You will learn species identification and size estimation techniques to accurately record data. Following field work you can help to transcribe data to provide indices of species diversity, abundance, demographics, and size frequencies according to the different habitats sampled.

Baited Remote Underwater Video (BRUV)

BRUVs are structures made out of PVC pipe or metal that contain a GoPro camera and an extended arm with a bait cage.

BRUVs are deployed at various sites around the archipelago for at least 60 mins at a time in order to record species that are attracted to the bait. These videos are later analyzed to record the species and relative number of individuals and assess diversity and relative abundance.

We will collectively review videos taken during the day and annotate these to record target species and frequency of occurrence.

Longline capture and tagging of sharks and rays

Scientific longlining is another method to assess shark and ray diversity and abundance, especially over long periods of time.

This technique involves setting a line of 50 baited hooks in order to capture individuals and collect more specific measurements, tag the animal with a marker that will identify them in future captures or sightings, and collect a tissue sample for DNA and contaminant analysis.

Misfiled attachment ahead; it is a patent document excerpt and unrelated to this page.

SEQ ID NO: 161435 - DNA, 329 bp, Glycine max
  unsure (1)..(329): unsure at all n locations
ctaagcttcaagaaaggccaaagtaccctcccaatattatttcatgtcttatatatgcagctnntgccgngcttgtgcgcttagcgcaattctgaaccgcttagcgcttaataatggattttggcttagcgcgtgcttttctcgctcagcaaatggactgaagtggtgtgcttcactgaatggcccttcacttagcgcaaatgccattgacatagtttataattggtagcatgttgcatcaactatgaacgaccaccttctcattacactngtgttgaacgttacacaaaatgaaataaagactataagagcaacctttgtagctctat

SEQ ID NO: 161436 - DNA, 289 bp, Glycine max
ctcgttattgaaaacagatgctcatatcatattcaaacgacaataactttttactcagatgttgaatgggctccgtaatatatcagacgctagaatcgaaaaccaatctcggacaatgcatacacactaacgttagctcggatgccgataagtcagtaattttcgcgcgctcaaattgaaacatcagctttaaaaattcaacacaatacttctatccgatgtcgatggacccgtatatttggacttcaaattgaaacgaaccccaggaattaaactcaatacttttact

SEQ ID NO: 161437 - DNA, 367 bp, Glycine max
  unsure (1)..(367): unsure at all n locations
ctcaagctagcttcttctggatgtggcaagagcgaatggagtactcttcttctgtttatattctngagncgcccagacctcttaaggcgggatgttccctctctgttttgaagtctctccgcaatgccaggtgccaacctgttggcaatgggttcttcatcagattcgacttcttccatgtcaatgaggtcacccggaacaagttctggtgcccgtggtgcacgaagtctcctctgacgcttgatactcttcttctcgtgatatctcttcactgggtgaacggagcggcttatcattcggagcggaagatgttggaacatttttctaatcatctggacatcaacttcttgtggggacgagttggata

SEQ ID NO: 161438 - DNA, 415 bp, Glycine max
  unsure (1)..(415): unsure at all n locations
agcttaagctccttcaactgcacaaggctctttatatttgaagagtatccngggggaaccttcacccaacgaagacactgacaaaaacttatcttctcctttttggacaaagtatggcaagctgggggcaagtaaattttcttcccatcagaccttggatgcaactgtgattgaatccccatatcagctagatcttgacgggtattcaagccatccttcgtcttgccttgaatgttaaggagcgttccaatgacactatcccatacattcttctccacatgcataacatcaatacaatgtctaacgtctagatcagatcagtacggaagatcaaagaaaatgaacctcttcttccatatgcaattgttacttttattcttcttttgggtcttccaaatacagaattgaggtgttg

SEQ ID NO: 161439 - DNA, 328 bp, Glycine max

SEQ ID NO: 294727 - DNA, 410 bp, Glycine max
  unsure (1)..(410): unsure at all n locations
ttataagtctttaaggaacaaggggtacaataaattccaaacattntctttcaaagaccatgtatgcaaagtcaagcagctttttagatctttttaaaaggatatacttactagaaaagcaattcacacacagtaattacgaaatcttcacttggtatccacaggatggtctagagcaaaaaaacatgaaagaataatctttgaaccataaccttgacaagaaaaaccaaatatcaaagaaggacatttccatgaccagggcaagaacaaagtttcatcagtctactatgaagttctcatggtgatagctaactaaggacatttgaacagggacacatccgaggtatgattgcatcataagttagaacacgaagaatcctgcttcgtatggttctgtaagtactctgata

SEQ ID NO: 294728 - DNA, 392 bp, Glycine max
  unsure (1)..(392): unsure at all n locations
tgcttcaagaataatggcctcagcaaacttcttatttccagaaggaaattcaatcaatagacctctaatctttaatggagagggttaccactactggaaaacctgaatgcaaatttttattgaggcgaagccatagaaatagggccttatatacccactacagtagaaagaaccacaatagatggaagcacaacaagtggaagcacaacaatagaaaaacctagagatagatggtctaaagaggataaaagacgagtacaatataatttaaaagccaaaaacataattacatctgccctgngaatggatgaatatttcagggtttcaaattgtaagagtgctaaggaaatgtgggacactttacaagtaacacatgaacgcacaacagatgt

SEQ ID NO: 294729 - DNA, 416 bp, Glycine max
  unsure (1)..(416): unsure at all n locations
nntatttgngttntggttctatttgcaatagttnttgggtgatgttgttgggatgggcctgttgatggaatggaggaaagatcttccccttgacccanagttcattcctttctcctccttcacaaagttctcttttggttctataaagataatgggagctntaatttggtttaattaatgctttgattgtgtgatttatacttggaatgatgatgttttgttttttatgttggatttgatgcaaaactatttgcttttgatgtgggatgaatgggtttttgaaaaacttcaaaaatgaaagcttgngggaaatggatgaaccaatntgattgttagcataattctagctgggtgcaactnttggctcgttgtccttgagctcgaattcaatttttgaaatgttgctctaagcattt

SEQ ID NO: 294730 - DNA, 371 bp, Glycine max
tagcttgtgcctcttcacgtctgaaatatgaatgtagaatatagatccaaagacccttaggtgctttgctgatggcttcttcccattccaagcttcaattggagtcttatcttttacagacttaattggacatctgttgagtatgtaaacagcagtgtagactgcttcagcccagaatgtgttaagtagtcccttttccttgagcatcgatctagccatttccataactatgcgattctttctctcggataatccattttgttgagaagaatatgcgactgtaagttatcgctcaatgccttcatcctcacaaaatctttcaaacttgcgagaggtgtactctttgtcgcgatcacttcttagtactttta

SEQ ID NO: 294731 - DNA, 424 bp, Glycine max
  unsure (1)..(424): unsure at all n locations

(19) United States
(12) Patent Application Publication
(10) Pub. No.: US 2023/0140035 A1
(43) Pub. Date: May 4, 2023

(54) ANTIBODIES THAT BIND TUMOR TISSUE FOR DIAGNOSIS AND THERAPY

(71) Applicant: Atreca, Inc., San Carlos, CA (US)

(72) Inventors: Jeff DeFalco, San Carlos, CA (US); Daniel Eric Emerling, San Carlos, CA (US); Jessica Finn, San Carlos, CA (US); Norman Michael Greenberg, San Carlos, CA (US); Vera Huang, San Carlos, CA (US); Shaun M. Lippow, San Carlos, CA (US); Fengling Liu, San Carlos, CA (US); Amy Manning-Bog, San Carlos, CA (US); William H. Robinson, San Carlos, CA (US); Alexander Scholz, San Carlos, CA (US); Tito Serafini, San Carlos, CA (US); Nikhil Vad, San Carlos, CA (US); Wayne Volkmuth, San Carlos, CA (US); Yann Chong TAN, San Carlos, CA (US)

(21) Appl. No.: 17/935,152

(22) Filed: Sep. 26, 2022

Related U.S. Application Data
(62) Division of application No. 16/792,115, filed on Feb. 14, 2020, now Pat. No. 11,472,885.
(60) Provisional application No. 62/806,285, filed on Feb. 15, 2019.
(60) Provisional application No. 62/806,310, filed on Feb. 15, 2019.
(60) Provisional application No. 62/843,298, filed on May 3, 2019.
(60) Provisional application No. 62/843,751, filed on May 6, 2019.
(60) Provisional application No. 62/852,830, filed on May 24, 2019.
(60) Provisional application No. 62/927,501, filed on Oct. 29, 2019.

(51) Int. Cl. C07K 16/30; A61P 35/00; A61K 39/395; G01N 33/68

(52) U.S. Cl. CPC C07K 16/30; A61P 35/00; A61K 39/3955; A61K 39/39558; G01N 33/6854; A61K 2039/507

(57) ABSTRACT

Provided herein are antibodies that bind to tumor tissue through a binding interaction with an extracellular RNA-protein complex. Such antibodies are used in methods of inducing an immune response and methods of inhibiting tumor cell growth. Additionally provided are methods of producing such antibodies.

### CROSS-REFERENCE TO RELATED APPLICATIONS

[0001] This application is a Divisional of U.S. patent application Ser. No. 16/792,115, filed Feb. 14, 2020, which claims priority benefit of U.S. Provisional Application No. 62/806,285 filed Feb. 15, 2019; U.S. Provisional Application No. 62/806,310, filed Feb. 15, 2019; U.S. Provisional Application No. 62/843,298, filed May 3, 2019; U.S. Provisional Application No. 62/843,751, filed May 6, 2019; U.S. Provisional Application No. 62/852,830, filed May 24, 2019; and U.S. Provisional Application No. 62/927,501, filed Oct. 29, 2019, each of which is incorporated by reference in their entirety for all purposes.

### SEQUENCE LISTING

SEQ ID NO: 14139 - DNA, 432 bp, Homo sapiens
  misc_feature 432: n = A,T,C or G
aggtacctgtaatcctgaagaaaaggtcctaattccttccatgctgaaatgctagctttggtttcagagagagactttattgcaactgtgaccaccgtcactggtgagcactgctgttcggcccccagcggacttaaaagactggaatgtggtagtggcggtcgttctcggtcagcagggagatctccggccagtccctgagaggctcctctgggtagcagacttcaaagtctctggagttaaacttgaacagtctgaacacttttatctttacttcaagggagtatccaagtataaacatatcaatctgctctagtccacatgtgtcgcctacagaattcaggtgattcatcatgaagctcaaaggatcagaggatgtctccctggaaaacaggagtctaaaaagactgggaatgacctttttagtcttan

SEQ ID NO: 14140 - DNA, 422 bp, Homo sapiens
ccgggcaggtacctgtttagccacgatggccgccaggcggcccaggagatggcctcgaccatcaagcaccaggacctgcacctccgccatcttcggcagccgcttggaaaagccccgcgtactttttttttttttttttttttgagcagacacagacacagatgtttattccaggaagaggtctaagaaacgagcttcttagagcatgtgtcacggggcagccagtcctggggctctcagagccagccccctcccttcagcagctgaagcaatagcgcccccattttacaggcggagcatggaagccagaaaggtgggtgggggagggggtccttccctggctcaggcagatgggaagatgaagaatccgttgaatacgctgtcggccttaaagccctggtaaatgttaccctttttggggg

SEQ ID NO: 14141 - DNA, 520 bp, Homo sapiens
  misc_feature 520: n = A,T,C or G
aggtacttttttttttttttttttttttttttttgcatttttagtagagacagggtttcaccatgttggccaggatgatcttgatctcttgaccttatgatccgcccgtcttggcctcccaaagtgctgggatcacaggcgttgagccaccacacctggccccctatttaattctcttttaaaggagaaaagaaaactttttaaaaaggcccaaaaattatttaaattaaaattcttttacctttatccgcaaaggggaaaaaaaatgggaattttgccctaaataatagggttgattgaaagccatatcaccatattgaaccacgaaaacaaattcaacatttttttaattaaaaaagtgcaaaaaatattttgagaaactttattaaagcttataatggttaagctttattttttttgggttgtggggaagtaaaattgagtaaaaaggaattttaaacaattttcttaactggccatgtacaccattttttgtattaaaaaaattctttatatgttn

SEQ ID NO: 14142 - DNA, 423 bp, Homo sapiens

You will assist with baiting and setting the longline, collecting environmental data, and will learn proper handling techniques for safely tagging and releasing sharks and rays.

OPTIONAL (price not included): one day’s diving at famous Blue Hole, Half Moon Caye Wall and Aquarium, three iconic dive sites at Lighthouse Reef Atoll made famous by Jacques Cousteau.

Advanced open water diver certification is recommended for diving the Blue Hole. Some operators will not take divers out unless they have advanced diver certification and have recent logged dives to 80 feet. You must also submit PADI medical forms.

For more information on diving the Blue Hole please visit the following websites:

Half Moon Caye, Lighthouse Reef Atoll, Belize

May 13-20th, 2017

Day 1

Saturday, May 13

International flight arrival at Philip Goldson International Airport, Belize City, Belize.

Tropic Air transfer to San Pedro, Ambergris Caye, Belize.

Check in at Sunbreeze hotel, located directly across the street from the airport port (no need for taxi transfer).